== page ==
Overall, Star Wars casts unknown/established actors for their lead roles, and established/veteran actors for their supporting roles. The episodic Disney movies so far have continued this very deliberate casting tradition, and it would be wise for future Star Wars films to preserve the mythos by maintaining a separation between actors and characters by continuing to cast the way they always have (with the exception of using a major actor as a recast of a traditional character - for example, casting Millie Bobby Brown as a young Leia or Sebastian Stan as Luke). Star Wars has a long history of finding talented actors and accentuating their natural abilities and catapulting them into stardom. This tried-and-true method is one thing that makes Star Wars so unique and wonderful. It sets it apart from other franchises and has kept the myth alive for generations.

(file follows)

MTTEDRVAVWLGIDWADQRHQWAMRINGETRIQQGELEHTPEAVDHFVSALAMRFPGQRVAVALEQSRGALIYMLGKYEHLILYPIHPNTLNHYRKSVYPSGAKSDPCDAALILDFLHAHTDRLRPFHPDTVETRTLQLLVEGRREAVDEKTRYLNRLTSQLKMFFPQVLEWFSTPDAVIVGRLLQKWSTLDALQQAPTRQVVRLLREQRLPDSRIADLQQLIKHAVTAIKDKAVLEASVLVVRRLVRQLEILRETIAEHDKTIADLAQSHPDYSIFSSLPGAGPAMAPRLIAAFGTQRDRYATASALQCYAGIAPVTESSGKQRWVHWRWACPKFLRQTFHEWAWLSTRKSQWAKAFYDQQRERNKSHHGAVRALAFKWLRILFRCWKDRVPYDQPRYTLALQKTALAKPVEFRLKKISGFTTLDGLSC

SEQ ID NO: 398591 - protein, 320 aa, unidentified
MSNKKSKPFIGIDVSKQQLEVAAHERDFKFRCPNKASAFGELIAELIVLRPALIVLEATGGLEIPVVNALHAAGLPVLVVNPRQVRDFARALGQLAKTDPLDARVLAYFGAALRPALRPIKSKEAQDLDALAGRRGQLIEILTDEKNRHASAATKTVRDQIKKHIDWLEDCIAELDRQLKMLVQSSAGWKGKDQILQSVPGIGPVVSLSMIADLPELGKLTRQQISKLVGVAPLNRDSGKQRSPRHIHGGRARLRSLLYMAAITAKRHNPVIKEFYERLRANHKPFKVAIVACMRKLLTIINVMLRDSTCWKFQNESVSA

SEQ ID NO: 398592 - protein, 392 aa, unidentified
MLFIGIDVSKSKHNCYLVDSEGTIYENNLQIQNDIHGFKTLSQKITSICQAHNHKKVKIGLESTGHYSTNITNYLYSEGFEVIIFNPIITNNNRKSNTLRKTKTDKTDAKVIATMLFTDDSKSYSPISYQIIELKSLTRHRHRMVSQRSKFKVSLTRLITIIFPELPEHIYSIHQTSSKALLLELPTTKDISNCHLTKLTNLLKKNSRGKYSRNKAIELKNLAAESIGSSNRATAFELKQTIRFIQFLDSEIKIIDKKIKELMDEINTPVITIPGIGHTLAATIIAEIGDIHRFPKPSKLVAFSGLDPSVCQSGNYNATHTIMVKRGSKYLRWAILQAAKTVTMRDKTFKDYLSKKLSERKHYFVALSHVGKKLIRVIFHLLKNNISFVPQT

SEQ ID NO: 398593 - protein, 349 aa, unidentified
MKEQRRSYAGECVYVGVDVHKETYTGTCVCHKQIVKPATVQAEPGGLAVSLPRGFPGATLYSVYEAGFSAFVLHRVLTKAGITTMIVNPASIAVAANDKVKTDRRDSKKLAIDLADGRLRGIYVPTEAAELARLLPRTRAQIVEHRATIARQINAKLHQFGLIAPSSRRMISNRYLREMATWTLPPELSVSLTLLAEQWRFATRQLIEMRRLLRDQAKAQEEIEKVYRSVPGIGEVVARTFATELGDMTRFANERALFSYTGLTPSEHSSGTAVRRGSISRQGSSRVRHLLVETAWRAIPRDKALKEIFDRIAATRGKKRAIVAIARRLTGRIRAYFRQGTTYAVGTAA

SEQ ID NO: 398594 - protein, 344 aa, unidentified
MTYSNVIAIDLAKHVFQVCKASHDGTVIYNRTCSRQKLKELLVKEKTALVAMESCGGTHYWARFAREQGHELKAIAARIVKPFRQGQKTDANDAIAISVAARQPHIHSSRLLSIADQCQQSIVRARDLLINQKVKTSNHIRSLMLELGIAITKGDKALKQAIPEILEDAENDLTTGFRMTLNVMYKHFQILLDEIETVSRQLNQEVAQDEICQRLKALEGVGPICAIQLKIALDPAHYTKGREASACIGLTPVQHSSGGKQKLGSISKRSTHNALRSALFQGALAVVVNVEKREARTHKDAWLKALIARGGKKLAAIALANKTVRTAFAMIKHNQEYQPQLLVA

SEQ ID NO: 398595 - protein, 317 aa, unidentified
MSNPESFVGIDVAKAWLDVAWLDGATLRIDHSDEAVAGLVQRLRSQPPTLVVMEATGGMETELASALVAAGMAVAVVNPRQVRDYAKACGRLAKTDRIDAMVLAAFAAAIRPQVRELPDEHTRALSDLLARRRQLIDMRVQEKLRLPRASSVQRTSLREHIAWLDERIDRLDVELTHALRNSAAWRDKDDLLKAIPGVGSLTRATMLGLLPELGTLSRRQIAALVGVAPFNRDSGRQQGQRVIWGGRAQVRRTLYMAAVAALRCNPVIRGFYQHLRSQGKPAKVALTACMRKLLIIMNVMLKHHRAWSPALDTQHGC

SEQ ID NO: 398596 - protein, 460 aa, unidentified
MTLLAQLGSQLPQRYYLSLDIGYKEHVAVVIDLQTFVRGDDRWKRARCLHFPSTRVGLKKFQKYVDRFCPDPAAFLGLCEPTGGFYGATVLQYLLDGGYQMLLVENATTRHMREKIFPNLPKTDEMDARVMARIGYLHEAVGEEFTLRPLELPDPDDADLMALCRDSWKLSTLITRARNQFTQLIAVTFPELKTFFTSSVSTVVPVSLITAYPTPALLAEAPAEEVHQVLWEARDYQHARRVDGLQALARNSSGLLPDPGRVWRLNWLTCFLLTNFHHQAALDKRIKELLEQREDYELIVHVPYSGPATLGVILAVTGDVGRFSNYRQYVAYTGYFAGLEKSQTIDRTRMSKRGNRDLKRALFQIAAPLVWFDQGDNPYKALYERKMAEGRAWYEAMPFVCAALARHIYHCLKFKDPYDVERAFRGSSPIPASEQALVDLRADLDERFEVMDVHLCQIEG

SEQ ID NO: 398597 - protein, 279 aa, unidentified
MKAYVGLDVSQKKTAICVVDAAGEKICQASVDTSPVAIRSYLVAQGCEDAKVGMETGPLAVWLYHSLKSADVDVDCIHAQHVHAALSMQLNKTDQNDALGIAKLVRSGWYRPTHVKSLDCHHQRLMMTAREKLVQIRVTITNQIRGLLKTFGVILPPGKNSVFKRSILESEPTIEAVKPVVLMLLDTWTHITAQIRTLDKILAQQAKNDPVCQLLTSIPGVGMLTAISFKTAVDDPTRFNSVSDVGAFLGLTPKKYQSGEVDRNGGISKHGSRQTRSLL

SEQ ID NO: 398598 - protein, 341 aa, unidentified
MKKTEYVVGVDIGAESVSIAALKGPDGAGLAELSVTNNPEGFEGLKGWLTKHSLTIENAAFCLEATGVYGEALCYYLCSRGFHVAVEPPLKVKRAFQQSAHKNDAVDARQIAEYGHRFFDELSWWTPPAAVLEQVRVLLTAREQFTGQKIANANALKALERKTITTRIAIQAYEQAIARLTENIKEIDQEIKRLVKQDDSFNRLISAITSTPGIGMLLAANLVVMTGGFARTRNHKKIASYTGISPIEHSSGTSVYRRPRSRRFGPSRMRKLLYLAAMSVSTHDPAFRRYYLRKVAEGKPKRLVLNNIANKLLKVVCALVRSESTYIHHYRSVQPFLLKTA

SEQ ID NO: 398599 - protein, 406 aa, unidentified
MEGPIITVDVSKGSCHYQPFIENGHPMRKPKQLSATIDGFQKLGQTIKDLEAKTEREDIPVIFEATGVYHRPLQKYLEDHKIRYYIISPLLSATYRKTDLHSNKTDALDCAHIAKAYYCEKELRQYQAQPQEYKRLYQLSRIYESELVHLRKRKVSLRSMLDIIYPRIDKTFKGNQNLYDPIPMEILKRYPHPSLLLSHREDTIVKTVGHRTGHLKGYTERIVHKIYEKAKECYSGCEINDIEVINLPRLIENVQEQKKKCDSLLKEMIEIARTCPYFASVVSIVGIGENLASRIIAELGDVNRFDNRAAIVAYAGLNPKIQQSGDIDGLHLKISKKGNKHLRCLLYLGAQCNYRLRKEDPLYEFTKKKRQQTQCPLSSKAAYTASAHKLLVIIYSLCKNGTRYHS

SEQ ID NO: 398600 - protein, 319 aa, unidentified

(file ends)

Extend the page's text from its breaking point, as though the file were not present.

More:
This article is an opinion piece and represents the views of the writer, and not the entire Star Wars Underworld organization.

Be sure to follow Selene on Twitter @_selenejade,

Follow The Star Wars Underworld on Twitter @TheSWU for more updates about this story and other breaking Star Wars news.